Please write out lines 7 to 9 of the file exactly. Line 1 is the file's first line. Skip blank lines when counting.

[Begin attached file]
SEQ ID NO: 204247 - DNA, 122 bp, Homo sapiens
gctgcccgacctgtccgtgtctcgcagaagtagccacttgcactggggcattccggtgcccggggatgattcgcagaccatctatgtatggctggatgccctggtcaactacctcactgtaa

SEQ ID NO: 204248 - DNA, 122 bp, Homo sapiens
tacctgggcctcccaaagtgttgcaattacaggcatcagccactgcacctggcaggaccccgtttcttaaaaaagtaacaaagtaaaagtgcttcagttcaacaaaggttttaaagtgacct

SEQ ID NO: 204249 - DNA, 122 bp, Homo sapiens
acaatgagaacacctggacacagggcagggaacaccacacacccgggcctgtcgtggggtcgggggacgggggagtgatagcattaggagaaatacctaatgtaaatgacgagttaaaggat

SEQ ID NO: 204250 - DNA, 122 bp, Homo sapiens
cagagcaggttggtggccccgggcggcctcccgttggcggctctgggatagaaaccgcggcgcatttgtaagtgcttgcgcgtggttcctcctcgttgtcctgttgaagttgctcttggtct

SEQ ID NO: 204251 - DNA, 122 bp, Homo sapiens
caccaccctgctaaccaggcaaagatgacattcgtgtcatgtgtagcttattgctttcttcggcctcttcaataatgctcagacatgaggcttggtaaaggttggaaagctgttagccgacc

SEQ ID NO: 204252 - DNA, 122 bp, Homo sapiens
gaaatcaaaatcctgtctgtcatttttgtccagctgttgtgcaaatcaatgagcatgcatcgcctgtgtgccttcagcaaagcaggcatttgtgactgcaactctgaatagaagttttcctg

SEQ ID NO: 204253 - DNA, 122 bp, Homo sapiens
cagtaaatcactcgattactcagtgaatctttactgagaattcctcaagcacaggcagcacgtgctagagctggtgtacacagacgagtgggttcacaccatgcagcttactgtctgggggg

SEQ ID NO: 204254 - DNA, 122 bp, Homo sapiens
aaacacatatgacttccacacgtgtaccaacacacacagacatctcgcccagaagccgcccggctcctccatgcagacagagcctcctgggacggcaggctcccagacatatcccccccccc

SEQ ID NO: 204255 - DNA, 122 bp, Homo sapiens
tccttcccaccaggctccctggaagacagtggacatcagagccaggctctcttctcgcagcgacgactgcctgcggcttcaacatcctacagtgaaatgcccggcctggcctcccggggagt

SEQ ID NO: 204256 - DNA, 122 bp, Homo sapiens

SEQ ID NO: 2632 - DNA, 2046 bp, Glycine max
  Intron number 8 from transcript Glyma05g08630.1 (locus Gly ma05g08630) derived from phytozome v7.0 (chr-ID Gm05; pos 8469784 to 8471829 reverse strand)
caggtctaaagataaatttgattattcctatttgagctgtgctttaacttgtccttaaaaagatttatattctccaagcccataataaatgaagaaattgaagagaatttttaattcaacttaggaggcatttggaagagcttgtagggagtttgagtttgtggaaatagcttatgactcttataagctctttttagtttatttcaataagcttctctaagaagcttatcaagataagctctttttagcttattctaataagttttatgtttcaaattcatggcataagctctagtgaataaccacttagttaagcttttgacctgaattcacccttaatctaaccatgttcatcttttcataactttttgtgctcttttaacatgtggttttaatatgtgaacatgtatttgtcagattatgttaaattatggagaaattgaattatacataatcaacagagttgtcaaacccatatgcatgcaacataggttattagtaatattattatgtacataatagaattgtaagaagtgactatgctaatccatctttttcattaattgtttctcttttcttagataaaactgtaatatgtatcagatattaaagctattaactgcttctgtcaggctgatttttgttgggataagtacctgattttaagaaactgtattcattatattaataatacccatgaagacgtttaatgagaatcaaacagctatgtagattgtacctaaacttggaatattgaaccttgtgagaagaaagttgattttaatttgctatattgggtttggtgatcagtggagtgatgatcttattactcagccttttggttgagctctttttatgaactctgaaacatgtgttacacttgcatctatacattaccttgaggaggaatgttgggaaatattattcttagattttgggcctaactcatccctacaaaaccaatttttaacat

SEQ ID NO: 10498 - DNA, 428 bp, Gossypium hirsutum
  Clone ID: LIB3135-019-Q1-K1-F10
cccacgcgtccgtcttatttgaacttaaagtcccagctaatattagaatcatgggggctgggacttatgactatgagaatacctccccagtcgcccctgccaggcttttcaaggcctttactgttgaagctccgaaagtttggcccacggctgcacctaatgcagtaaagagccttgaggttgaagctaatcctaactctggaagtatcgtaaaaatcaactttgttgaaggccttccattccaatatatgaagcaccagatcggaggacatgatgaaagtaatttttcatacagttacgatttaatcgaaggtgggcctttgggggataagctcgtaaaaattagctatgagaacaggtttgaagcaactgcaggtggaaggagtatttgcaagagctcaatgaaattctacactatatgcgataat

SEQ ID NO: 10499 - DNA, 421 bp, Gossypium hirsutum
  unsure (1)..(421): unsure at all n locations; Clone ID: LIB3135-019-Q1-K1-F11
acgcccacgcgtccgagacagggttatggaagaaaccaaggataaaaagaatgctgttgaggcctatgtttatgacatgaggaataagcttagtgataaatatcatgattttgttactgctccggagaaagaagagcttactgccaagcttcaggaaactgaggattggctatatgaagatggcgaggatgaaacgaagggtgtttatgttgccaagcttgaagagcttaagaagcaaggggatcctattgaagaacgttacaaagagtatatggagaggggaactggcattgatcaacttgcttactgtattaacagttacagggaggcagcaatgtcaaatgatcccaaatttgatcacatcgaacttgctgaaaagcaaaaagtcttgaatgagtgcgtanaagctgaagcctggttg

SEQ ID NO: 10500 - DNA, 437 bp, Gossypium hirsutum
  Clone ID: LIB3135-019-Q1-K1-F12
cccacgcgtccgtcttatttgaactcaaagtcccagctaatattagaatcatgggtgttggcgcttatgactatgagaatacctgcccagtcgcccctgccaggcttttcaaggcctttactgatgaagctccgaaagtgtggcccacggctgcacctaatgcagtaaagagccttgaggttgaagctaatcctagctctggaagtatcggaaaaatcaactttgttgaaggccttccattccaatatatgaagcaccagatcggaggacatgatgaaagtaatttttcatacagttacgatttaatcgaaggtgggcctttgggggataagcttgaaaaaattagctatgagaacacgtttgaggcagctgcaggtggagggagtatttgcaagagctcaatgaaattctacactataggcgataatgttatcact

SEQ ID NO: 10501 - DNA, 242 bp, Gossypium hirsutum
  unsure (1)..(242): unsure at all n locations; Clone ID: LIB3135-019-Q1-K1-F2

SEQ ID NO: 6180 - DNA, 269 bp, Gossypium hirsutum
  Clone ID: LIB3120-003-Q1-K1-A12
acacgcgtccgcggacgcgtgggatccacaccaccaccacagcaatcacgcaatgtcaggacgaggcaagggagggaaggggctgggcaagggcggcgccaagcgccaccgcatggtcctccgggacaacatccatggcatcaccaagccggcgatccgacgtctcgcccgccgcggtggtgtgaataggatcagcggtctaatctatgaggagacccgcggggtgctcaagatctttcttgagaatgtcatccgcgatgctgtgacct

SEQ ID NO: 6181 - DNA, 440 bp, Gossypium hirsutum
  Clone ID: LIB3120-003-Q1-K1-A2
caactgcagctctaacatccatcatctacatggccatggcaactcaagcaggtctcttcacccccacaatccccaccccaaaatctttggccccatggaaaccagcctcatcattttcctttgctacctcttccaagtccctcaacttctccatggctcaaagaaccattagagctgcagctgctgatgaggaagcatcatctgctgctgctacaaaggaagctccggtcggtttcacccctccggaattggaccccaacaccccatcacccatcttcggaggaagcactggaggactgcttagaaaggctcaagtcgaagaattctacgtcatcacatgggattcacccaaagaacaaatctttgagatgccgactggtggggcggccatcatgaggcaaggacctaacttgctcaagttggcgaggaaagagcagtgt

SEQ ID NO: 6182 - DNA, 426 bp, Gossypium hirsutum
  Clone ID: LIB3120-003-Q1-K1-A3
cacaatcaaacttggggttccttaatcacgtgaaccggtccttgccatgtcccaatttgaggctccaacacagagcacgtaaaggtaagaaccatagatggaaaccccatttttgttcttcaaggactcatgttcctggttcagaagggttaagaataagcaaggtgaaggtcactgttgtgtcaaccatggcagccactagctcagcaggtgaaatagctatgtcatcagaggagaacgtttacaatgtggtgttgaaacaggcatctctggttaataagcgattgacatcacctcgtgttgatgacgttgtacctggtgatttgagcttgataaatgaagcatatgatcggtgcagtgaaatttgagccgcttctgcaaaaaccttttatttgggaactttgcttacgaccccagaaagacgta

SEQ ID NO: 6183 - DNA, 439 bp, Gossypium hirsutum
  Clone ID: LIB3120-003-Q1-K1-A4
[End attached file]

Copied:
SEQ ID NO: 204250 - DNA, 122 bp, Homo sapiens
cagagcaggttggtggccccgggcggcctcccgttggcggctctgggatagaaaccgcggcgcatttgtaagtgcttgcgcgtggttcctcctcgttgtcctgttgaagttgctcttggtct

SEQ ID NO: 204251 - DNA, 122 bp, Homo sapiens